Lawyer for boy’s family files lawsuit
The Scottsdale, Ariz., attorney for the family of Jack Ariola Erenberg filed a complaint this morning in 10th Judicial District Court charging wrongful death, negligence, failure to warn and violation of regulations against the city of Stillwater, the city’s Parks and Recreation Commission, Washington County and the Minnesota Department of Health.
“We thought it was the appropriate venue to file because the county of Washington and the city of Stillwater are involved,” said Roger Strassburg, attorney for Ariola Erenberg’s family.
Nine-year-old Ariola Erenberg died Aug. 6 after contracting primary amoebic meningoencephalitis (PAM) from Naeglaria fowleri, a water-dwelling microorganism, after swimming in Lily Lake. The lake was closed to swimming the day after his death.
Ariola Erenberg was the second child to contract the disease in Lily Lake. Seven-year-old Annie Bahneman was confirmed to have died from PAM two years ago.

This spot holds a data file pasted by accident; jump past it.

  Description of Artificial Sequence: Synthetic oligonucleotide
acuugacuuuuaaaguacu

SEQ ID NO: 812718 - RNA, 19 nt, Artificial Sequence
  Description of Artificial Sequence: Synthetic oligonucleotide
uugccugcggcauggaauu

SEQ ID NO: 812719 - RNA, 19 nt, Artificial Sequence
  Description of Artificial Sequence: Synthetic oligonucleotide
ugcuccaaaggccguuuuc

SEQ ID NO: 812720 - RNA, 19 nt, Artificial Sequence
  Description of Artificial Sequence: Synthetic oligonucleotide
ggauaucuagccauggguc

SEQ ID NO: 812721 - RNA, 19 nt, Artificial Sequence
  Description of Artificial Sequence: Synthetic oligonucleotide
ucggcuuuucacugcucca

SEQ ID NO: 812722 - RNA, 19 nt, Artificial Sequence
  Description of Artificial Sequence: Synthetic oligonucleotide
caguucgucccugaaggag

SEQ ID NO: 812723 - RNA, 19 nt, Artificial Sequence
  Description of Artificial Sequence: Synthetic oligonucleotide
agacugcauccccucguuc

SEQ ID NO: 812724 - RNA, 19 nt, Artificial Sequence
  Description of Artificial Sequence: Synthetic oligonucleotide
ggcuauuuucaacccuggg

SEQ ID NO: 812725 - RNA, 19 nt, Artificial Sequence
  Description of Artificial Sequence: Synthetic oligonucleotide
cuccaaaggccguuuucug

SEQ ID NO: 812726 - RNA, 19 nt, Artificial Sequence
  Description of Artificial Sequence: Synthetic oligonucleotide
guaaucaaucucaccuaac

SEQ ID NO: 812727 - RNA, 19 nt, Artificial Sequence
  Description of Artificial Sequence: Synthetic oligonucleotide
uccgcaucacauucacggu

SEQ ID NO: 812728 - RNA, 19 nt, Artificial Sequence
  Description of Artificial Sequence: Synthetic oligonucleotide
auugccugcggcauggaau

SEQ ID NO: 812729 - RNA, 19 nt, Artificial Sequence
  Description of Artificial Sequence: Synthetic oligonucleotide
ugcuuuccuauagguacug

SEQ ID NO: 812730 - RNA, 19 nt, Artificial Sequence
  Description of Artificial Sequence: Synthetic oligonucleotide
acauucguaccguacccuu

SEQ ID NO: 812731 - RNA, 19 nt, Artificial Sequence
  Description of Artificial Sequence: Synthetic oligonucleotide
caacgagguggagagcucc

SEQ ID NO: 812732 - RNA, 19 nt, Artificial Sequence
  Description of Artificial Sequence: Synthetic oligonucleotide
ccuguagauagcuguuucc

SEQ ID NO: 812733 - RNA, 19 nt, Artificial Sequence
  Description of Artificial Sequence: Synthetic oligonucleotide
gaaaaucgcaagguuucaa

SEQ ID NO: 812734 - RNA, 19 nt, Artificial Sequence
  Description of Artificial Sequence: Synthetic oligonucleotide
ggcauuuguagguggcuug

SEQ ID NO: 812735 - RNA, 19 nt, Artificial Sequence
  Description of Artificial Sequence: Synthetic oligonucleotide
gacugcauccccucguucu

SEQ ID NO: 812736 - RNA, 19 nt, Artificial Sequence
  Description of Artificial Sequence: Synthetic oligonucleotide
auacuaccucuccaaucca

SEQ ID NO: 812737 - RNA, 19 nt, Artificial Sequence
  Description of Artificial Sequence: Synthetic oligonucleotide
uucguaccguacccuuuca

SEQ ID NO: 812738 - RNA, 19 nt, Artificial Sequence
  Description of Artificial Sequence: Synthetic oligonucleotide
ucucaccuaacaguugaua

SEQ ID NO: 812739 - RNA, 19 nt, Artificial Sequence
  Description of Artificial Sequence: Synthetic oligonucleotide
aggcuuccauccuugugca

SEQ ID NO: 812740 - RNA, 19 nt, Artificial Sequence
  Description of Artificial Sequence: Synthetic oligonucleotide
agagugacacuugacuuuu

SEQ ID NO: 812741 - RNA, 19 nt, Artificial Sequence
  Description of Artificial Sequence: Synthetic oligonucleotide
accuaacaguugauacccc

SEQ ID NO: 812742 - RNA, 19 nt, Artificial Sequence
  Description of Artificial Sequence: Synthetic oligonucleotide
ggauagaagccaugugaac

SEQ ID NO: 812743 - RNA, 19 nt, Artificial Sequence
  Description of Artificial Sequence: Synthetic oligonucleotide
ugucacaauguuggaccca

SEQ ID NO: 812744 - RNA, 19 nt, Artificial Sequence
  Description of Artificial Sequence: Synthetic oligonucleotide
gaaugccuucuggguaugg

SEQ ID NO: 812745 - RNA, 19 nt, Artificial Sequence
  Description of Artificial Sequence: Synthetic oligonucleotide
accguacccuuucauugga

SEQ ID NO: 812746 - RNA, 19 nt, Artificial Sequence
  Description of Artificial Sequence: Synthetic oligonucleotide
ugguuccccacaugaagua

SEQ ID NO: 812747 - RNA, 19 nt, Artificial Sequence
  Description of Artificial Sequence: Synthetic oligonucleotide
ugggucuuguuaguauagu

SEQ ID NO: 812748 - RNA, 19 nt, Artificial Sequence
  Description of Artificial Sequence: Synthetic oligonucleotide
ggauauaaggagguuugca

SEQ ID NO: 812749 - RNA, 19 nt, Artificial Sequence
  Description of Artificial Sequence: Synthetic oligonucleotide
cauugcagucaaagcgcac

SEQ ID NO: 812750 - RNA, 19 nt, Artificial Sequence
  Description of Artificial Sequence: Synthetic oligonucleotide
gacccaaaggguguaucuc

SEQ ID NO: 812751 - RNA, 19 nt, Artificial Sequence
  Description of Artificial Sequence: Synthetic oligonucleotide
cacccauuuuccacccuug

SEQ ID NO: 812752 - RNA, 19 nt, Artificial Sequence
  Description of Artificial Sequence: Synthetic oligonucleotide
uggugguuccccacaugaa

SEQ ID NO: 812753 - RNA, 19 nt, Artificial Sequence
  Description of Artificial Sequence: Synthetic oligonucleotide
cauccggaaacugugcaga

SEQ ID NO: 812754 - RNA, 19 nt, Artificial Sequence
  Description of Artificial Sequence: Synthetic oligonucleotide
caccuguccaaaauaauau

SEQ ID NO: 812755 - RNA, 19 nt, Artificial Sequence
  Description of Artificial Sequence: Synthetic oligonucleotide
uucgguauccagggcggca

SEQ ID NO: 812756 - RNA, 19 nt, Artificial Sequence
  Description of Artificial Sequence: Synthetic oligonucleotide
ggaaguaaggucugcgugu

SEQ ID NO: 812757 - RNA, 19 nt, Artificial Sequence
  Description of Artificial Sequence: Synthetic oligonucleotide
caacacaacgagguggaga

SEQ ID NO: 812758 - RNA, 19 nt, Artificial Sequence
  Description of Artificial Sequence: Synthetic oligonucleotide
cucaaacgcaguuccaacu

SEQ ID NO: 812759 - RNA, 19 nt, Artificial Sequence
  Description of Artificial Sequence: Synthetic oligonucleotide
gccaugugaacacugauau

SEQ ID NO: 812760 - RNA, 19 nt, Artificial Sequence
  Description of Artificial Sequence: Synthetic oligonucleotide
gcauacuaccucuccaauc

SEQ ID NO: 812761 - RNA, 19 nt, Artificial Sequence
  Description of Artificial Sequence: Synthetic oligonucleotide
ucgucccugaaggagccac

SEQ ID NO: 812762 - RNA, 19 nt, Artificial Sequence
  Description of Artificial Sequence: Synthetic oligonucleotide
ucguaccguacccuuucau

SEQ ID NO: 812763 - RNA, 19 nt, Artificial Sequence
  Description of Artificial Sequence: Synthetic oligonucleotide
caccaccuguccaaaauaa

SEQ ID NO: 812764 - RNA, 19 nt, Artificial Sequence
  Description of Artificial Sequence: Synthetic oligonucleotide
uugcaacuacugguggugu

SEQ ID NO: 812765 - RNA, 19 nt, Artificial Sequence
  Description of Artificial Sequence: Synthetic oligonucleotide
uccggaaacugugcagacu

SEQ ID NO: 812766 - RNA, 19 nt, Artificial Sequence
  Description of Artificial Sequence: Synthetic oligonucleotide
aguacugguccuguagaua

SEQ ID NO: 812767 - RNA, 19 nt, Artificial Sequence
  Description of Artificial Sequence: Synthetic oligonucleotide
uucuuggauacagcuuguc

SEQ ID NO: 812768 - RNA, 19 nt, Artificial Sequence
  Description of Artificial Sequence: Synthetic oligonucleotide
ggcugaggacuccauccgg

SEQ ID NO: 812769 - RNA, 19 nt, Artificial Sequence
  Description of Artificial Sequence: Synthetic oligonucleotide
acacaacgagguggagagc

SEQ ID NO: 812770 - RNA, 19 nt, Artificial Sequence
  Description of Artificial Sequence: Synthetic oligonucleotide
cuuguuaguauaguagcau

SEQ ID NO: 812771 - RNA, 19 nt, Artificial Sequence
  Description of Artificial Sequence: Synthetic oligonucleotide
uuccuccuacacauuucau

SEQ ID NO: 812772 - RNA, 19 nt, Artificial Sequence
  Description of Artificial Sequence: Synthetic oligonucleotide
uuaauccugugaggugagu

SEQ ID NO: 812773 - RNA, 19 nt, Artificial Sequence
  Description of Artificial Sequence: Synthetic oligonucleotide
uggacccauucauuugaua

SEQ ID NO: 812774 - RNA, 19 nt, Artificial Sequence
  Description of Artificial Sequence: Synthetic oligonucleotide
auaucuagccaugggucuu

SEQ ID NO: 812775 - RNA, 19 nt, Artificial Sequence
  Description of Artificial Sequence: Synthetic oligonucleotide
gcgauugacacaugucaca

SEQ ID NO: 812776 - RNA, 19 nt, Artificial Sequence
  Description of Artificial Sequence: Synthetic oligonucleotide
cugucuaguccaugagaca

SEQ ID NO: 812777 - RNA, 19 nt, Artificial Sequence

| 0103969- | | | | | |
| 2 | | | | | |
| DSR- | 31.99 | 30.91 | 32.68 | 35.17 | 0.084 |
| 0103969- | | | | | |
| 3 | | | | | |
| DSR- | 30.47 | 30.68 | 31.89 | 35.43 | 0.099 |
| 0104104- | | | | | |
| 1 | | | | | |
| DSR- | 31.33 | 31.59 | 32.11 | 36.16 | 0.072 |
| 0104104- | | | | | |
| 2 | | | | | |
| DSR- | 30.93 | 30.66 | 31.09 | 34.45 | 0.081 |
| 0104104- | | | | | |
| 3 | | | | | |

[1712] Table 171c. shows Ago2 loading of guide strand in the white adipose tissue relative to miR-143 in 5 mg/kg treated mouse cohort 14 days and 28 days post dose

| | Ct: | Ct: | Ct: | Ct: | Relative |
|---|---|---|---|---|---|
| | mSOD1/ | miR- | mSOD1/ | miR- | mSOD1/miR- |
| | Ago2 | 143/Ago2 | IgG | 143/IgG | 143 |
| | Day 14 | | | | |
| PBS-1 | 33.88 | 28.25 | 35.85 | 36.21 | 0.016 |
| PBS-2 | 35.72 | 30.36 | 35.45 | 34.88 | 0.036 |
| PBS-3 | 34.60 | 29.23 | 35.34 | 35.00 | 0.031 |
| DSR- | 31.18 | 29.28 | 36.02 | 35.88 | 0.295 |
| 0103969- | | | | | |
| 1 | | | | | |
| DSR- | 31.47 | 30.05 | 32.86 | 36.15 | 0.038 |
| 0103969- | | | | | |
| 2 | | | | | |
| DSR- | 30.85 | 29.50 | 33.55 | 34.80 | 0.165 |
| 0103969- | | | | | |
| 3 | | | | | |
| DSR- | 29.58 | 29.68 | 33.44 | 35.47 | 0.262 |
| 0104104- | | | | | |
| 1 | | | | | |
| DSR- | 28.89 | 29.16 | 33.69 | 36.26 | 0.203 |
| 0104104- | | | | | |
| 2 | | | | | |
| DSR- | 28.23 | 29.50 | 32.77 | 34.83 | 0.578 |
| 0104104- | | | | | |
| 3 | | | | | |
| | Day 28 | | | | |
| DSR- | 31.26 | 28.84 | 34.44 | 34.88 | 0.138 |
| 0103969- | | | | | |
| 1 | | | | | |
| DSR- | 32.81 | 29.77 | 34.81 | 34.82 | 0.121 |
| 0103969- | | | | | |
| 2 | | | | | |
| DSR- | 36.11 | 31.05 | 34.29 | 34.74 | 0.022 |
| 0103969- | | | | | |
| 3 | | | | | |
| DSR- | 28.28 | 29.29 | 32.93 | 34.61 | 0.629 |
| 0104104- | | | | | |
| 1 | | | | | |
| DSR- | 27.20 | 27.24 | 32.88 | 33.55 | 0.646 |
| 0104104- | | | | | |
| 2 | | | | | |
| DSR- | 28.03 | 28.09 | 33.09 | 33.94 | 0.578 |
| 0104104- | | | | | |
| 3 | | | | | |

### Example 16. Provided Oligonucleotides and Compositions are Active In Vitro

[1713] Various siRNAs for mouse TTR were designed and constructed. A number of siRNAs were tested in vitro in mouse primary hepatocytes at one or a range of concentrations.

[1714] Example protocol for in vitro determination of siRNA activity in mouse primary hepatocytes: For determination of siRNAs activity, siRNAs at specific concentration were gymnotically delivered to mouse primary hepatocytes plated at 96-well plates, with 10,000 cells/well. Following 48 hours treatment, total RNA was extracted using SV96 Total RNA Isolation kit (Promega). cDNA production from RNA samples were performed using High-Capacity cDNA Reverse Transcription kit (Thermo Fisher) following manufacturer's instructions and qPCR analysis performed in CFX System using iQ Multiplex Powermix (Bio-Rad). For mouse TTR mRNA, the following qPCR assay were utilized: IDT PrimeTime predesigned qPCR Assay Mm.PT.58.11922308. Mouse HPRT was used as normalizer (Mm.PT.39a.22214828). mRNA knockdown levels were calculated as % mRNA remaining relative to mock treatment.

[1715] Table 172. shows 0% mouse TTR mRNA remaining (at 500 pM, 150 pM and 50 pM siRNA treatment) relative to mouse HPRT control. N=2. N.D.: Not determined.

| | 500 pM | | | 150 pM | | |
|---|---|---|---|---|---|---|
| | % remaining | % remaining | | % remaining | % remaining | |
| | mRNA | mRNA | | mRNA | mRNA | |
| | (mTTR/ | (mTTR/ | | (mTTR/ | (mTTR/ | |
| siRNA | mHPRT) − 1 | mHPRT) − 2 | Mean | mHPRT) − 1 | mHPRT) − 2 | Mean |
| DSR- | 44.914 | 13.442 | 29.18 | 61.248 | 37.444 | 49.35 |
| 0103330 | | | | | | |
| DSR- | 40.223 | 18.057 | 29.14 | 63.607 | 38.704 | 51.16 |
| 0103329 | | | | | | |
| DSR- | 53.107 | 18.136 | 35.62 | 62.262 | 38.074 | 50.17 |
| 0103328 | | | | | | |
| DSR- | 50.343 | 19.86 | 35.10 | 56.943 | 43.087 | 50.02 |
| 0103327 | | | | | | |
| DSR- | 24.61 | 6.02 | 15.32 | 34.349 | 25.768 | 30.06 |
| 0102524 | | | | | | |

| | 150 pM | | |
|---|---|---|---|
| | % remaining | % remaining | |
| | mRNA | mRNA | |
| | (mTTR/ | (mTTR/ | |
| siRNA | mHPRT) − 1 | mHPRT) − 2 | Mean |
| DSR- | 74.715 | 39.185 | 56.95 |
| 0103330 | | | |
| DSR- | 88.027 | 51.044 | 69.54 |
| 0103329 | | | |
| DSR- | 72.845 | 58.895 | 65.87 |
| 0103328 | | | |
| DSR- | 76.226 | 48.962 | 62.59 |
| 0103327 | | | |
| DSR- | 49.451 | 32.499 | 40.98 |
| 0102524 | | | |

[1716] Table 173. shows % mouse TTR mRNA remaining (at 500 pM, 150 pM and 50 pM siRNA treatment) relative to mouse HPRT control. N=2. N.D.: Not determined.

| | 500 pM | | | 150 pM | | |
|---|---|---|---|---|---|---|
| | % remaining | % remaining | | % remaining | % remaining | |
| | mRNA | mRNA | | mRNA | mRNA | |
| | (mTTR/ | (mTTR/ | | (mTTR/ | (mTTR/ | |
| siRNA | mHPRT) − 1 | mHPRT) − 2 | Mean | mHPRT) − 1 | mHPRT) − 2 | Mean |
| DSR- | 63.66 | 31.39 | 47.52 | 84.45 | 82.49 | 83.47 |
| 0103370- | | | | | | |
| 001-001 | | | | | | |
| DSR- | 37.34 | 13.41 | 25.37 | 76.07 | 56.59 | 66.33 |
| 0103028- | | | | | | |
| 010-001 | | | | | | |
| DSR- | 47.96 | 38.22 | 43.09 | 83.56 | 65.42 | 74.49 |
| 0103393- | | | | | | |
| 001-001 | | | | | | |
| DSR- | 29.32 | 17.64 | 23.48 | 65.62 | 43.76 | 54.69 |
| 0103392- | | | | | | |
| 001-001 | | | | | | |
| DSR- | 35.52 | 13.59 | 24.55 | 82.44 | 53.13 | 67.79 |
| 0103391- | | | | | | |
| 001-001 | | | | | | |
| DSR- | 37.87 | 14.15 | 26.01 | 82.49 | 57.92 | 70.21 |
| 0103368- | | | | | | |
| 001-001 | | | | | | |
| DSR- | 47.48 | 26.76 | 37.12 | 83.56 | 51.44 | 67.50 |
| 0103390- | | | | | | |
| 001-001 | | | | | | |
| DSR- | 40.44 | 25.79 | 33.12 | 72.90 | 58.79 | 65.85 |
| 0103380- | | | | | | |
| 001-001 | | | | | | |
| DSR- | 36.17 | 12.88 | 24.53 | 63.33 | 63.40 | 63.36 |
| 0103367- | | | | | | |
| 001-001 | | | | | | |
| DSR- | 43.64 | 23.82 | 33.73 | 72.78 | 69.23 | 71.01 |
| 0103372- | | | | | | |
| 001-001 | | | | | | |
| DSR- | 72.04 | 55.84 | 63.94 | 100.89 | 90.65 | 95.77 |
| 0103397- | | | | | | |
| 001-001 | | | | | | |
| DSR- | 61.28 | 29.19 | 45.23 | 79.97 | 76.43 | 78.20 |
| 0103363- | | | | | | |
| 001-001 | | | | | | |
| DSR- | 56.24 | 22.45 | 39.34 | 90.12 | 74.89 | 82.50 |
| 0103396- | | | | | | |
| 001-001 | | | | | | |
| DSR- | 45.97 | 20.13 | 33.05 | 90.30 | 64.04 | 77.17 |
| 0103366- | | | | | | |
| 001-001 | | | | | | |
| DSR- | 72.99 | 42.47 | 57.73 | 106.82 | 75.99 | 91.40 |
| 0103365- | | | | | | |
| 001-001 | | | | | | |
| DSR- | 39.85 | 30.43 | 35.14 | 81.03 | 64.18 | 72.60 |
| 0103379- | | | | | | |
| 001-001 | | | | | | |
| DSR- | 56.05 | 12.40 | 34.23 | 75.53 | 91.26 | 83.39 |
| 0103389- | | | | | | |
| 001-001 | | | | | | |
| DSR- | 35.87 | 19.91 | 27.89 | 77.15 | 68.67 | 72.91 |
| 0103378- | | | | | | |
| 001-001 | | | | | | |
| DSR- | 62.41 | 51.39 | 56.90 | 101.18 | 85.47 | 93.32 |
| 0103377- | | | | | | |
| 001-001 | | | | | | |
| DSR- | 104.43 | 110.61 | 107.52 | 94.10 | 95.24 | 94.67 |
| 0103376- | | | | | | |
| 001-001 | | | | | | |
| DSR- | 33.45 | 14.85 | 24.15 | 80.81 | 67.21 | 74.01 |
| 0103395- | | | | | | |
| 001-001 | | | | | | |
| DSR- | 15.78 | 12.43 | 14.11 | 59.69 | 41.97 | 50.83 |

The amoeba is found in warm freshwater and PAM is contracted after it travels through a swimmer’s nose to their brain.
The facts of the case involve the deaths of Ariola Erenberg, Bahneman and Hailee LaMeyer of Chisago County who contracted PAM, the same disease that caused Ariola Erenberg’s death, from the waters of Fawn Lake.
The complaint seeks the following:
- Recovery of reasonable damages to the fullest extent of the law in an amount greater than $50,000.
- An injunction ordering the city to post conspicuous warnings at Lily Lake Park regarding the danger of Naeglaria fowleri and that the appropriate protective measures be taken.
- An injunction asking the city, county and state to distribute information about the risks posed by Naegleria fowleri in public service announcements to the public and schools.
- An injunction ordering that if the city of Stillwater cannot operate Lily Lake safely, the city should construct an alternative swimming facility with a chlorinated pool.
City Attorney David Magnuson Tuesday asked council members not to discuss the claim publicly. Messages left with the attorney for the city from the League of Minnesota Cities, Pete Rignier, were not returned by deadline today.
Update: Pete Rignier responded at 1:00 p.m. saying he had yet to see a copy of the complaint.